$ ng build --base-href /app/
We'll next change our app so that it'll serve this route:
let configureApp (app : IApplicationBuilder) =
  app.UseStaticFiles(
      StaticFileOptions(
              FileProvider = new PhysicalFileProvider(
                      Path.Combine(Directory.GetCurrentDirectory(), "frontend", "dist")),
                      RequestPath = PathString("/app")))
      .UseGiraffe(webApp)

We now need to make sure the files in the frontend/dist directory is copied to the .NET application's bin directory when it's built by adding the following to our .fsproj file:
  <ItemGroup>
    <Content Include="frontend/dist/*.*">
      <CopyToOutputDirectory>Always</CopyToOutputDirectory>
    </Content>
  </ItemGroup>

Next we can change the definition of our index view so that our Angular scripts and application root are loaded:

  let ngApp = tag "app-root"  [] []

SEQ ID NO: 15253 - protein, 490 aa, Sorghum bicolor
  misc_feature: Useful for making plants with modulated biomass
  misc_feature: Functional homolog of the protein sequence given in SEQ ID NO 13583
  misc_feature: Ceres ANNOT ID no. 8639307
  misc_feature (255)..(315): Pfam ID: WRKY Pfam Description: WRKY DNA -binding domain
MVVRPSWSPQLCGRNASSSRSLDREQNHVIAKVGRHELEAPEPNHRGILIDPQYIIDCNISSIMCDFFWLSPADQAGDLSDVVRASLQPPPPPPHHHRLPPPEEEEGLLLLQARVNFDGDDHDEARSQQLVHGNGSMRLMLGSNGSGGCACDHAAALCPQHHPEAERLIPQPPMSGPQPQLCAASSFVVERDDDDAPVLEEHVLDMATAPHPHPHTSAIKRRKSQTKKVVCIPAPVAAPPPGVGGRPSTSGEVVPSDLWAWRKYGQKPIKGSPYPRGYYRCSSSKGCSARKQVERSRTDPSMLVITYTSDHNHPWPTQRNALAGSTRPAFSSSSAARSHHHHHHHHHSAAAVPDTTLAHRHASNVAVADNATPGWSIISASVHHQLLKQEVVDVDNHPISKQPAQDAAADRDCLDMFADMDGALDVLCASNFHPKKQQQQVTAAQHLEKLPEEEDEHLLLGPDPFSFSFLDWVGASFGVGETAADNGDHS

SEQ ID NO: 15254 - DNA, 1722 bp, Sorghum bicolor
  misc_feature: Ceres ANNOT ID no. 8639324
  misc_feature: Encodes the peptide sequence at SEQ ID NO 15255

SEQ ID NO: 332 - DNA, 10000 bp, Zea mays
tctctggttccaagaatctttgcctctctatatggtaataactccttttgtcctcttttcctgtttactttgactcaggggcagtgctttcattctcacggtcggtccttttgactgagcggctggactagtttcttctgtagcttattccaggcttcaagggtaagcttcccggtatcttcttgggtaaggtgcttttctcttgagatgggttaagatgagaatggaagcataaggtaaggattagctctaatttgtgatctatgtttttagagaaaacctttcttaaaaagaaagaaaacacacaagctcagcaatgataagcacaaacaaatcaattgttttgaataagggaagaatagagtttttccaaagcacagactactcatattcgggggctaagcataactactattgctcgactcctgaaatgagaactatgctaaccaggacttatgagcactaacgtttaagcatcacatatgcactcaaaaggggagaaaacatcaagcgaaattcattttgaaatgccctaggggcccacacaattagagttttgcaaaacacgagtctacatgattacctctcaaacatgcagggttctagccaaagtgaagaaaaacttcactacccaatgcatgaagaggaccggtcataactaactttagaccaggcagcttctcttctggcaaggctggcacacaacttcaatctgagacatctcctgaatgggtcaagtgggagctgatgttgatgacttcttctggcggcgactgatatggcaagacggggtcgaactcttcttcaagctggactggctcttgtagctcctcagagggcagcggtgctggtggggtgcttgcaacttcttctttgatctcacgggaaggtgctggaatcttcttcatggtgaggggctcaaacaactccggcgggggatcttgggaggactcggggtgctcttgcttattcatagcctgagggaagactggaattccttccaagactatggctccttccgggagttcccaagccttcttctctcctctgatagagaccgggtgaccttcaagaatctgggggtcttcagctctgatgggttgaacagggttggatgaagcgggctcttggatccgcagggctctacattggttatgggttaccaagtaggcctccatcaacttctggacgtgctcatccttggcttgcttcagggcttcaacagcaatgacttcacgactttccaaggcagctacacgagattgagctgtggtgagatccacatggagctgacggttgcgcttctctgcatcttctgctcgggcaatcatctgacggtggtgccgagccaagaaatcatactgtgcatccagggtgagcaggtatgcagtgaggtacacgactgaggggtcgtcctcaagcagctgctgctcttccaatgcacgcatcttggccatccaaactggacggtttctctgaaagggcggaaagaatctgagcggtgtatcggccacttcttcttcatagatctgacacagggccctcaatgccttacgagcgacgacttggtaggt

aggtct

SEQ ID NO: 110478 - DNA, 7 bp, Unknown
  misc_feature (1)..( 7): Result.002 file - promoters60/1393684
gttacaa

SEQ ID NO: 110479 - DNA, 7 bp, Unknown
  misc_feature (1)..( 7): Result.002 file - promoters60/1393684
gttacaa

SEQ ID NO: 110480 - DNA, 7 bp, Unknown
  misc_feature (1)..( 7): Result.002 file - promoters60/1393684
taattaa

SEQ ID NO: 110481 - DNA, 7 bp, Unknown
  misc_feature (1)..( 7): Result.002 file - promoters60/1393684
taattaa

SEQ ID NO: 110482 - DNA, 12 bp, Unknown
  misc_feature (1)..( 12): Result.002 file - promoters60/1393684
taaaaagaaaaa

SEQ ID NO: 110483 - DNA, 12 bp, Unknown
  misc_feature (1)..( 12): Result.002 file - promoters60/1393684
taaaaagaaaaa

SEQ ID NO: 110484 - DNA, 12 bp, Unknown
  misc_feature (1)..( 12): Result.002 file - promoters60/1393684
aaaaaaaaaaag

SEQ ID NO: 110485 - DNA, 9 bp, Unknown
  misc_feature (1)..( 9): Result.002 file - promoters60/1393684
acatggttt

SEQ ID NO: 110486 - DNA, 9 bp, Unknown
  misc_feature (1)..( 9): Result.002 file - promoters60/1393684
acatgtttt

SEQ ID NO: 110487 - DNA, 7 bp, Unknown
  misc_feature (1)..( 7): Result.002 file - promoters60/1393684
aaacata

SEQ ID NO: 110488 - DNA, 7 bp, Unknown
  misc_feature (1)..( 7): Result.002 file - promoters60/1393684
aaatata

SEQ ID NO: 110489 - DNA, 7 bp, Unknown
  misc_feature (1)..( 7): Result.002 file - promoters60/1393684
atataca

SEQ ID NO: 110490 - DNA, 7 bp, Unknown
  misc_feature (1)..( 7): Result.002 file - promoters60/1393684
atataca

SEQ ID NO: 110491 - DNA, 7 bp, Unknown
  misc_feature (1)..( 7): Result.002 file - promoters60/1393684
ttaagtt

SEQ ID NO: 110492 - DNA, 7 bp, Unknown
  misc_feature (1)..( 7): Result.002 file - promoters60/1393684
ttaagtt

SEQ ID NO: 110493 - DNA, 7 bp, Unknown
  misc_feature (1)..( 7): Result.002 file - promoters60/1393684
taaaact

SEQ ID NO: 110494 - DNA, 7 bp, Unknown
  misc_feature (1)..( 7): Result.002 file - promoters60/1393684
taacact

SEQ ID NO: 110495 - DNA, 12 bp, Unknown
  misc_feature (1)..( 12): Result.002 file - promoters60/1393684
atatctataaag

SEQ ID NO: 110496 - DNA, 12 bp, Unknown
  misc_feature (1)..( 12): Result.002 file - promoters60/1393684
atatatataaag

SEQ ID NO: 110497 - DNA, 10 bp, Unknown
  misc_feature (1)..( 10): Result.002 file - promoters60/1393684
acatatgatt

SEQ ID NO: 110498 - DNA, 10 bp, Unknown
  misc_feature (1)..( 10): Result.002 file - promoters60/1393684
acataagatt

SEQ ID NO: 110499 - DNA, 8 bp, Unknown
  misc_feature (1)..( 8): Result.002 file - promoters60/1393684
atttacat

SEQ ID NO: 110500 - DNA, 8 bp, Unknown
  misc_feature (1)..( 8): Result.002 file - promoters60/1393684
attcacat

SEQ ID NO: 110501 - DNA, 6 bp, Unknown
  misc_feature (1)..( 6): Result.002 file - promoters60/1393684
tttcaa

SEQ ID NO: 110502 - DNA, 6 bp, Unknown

let ngScripts = 
      [ "runtime.js"; "polyfills.js"; "styles.js"; "vendor.js"; "main.js" ]
      |> List.map (function js -> script [ _type "text/javascript"; _src js ] [] )
  
  let index = 
      html [ _lang "en" ] [
          head [] [
              meta [ _charset "utf-8"; _name "viewport"; _content "width=device-width, initial-scale=1" ] 
              title [] [ str "Angular + Giraffe" ]
              ``base`` [ _href "/app/" ]
              link [ _rel "icon"; _type "icon"; _href "favicon.ico" ]
          ]
  
          body [] 
              (ngApp :: ngScripts)
      ]

Now if we run the Giraffe app and navigate to http://localhost:5000 we should see our Angular application: